Wembley man jailed for the murder of American soldier in Iraq has his sentence reduced

Anis Abid Sardar was jailed last year

Anis Abid Sardar was jailed last year - Credit: Archant

A black cab driver from Wembley who was jailed for the murder of a US soldier in Iraq has lost a bid to clear his name - but had his minimum jail term slashed by judges.

Sergeant First Class Randy Johnson was killed by a bimd (Pic credit: Central News)

Sergeant First Class Randy Johnson was killed by a bimd (Pic credit: Central News) - Credit: Archant

Anis Abid Sardar, 39, of Llandover Road, was found guilty of involvement in building the bomb which killed Sgt First Class Randy Johnson.

The serviceman died when his vehicle was hit by a roadside bomb north west of Baghdad in September 2007.

Sardar was convicted in May last year of murder and conspiracy to murder.

He was jailed for life, with a minimum of 38 years to serve, at Woolwich Crown Court.

He launched a Court of Appeal challenge to his conviction last month, but yesterday saw his case dismissed by three senior judges.

However, Sir Brian Leveson said the 38-year term was too long and cut it to allow Sardar to apply for parole after serving 35 years.

Most Read

The court heard Sardar, now a married dad-of-two, had initially travelled to Syria for study, but had then crossed the border into Iraq.

He was linked to four IEDs which were found or exploded in the same area at around the same time.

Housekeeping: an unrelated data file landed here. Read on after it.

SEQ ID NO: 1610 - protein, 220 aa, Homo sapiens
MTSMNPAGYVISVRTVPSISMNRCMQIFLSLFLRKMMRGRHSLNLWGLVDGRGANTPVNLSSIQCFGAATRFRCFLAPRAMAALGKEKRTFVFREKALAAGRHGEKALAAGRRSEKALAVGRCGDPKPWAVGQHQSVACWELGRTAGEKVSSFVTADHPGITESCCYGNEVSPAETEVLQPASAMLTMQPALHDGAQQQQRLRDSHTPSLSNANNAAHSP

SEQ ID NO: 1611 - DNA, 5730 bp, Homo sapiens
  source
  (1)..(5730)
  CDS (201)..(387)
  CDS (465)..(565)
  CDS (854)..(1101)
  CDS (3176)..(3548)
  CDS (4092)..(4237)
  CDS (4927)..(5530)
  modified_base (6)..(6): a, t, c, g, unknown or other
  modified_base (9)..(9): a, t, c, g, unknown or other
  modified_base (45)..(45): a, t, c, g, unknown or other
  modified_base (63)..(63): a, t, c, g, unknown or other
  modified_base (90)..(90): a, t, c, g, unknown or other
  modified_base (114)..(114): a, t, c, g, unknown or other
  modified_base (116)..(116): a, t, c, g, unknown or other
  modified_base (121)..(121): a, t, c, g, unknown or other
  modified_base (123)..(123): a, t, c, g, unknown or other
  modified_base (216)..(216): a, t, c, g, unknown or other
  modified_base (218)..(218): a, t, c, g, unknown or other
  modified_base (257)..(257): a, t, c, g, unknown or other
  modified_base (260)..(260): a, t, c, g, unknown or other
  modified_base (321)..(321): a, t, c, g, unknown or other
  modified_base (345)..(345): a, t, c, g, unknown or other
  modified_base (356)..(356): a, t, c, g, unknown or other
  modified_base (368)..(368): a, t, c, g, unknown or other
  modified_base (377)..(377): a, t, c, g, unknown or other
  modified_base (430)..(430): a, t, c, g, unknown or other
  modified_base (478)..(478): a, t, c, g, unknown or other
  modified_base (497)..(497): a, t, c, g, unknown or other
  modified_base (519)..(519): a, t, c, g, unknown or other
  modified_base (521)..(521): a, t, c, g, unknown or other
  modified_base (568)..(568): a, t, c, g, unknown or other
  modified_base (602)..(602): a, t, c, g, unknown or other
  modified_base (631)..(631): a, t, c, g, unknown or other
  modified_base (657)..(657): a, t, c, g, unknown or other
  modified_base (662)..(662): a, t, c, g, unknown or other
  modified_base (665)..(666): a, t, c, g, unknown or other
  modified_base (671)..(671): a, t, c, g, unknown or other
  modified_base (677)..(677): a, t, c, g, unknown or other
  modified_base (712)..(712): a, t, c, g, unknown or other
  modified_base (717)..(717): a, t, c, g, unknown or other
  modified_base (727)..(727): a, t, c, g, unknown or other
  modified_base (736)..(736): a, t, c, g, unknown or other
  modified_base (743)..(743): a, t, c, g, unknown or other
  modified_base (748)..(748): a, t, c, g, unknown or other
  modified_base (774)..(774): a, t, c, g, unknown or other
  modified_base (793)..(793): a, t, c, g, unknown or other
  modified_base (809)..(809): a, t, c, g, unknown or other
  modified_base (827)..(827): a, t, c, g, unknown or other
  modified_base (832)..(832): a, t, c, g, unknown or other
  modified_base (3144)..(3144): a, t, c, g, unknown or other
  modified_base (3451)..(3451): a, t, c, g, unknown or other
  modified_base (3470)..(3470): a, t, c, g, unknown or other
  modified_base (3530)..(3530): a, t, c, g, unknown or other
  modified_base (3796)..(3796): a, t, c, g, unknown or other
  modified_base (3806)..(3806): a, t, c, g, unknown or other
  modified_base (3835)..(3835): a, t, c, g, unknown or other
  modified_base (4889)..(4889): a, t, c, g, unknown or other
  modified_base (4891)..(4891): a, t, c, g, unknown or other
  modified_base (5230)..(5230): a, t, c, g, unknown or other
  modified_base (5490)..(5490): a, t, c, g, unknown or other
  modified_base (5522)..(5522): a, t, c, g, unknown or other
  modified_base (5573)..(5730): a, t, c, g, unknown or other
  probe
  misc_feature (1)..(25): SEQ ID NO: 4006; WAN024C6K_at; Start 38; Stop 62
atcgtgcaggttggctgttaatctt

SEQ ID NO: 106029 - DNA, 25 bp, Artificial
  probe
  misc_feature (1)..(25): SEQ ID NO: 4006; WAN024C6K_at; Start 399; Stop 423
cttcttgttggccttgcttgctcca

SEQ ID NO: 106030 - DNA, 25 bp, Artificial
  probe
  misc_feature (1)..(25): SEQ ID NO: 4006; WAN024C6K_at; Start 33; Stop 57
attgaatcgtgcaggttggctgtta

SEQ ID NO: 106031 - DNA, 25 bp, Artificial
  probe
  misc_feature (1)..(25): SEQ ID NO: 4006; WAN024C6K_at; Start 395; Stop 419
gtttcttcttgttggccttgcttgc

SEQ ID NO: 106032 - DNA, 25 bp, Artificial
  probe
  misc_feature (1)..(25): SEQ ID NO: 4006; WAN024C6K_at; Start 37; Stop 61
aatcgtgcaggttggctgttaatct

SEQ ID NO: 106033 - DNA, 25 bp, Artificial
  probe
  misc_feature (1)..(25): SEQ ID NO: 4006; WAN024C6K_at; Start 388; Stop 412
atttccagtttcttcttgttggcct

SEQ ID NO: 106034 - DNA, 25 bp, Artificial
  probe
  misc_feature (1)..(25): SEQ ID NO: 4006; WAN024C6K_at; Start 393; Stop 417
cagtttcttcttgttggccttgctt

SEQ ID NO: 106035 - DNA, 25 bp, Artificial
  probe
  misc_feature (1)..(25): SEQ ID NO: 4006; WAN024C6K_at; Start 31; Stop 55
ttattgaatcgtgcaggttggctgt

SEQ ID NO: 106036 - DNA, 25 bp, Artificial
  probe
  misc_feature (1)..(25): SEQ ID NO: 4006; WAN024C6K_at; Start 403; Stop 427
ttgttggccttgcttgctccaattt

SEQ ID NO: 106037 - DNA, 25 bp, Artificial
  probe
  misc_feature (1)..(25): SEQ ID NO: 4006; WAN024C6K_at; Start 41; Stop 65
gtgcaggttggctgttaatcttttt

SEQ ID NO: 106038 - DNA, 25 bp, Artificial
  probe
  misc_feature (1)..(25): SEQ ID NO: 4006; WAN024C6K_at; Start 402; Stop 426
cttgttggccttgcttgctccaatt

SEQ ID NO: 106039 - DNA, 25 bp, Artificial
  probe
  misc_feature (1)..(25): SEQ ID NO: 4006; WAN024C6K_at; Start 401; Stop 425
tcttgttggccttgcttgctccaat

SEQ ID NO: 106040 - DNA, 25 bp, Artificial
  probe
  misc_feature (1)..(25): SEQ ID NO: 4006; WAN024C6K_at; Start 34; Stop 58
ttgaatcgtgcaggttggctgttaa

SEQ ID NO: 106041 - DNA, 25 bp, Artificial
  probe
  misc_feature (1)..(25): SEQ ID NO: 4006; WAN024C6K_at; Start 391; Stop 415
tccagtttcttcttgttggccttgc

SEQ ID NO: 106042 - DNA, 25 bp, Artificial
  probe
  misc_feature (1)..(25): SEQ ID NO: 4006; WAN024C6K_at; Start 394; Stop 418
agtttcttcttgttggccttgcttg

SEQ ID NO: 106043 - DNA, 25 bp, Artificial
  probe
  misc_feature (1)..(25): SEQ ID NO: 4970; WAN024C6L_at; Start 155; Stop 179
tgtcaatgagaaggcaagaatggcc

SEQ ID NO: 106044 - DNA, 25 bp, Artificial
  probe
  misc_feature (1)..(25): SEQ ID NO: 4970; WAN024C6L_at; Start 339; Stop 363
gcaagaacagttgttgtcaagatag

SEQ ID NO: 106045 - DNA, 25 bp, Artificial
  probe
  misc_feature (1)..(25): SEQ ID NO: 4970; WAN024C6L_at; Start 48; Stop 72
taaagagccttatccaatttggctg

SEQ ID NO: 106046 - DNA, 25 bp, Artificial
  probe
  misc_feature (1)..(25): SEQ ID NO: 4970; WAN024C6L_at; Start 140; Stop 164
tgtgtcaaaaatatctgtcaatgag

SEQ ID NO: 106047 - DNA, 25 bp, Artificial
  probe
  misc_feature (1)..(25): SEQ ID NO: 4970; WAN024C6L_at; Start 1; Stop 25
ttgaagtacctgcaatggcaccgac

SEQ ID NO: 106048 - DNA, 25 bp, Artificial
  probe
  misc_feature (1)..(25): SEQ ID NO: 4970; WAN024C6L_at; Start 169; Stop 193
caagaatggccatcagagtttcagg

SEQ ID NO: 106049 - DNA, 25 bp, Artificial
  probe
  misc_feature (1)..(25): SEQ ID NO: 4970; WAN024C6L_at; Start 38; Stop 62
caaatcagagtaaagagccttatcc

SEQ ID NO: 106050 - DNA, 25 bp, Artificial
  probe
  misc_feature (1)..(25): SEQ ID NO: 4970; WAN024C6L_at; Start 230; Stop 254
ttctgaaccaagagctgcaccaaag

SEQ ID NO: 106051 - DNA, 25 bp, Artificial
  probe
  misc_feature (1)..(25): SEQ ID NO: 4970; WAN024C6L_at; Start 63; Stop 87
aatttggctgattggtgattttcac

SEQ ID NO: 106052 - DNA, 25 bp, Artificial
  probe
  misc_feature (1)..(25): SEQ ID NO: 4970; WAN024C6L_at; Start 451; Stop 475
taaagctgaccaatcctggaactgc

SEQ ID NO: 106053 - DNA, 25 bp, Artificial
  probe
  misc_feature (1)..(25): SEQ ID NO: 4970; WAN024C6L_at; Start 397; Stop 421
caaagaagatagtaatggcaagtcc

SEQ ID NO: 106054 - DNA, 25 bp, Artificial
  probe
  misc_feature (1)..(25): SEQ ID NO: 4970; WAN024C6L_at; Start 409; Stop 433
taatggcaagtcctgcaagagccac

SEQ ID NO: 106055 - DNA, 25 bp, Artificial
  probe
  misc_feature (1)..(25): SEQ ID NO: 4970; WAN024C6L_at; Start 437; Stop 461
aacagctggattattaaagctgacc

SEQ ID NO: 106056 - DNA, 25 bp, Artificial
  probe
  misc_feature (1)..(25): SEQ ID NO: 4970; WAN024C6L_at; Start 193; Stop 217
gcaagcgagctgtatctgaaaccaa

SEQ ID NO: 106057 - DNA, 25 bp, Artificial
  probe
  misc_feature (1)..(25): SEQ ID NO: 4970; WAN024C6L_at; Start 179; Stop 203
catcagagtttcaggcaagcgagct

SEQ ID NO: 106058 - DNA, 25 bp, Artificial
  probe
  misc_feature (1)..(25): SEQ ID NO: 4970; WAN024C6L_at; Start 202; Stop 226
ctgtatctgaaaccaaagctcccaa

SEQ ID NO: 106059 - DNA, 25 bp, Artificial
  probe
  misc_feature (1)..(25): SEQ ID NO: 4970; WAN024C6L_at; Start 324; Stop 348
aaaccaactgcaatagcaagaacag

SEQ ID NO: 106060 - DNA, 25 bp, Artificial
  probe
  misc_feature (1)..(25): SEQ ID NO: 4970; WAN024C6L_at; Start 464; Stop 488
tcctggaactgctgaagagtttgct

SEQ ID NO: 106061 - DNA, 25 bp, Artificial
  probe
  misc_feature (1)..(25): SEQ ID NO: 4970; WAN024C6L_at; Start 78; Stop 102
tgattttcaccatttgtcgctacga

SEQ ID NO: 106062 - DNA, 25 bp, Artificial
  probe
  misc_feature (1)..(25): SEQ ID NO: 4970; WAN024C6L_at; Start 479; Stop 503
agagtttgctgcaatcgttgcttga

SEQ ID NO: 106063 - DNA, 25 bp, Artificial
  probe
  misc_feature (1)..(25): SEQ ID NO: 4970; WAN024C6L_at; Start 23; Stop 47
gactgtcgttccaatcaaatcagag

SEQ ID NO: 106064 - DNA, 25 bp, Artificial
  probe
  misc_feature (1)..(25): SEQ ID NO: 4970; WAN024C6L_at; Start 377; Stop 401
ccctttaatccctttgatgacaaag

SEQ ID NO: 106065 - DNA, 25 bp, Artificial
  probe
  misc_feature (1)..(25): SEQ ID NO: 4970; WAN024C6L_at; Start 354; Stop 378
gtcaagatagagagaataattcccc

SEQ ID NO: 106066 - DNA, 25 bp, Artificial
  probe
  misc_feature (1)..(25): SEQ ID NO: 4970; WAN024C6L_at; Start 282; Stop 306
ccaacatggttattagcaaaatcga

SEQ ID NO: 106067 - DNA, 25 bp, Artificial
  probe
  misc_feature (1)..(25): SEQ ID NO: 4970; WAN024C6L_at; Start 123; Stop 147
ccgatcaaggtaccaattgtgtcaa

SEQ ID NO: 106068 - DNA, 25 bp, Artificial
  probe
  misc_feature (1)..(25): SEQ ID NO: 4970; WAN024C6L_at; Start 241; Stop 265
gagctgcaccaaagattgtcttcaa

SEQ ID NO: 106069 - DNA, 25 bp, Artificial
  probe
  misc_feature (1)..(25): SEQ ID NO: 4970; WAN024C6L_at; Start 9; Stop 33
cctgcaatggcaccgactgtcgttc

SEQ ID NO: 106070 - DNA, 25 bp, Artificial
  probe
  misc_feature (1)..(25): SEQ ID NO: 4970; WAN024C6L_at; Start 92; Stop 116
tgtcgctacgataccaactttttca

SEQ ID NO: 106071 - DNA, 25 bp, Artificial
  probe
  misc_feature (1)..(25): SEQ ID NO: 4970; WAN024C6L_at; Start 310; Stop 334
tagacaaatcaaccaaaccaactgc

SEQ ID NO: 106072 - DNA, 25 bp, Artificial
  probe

His fingerprints were found on two of the devices and material found on his arrest contained a recipe for TNT.

Appealing against the murder count, he claimed the jury could not be certain that the bomb which killed Sgt Johnson was one he had made.

But rejecting the argument, Sir Brian, sitting with Lord Justice Treacy and Mr Justice Holroyde, said there was sufficient evidence to convict.

Cutting the minimum term, the judge said Sardar had not been a leader in the murder and was a young man of previous and subsequent good character.

Become a Supporter

This newspaper has been a central part of community life for many years. Our industry faces testing times, which is why we're asking for your support. Every contribution will help us continue to produce local journalism that makes a measurable difference to our community.

Become a Supporter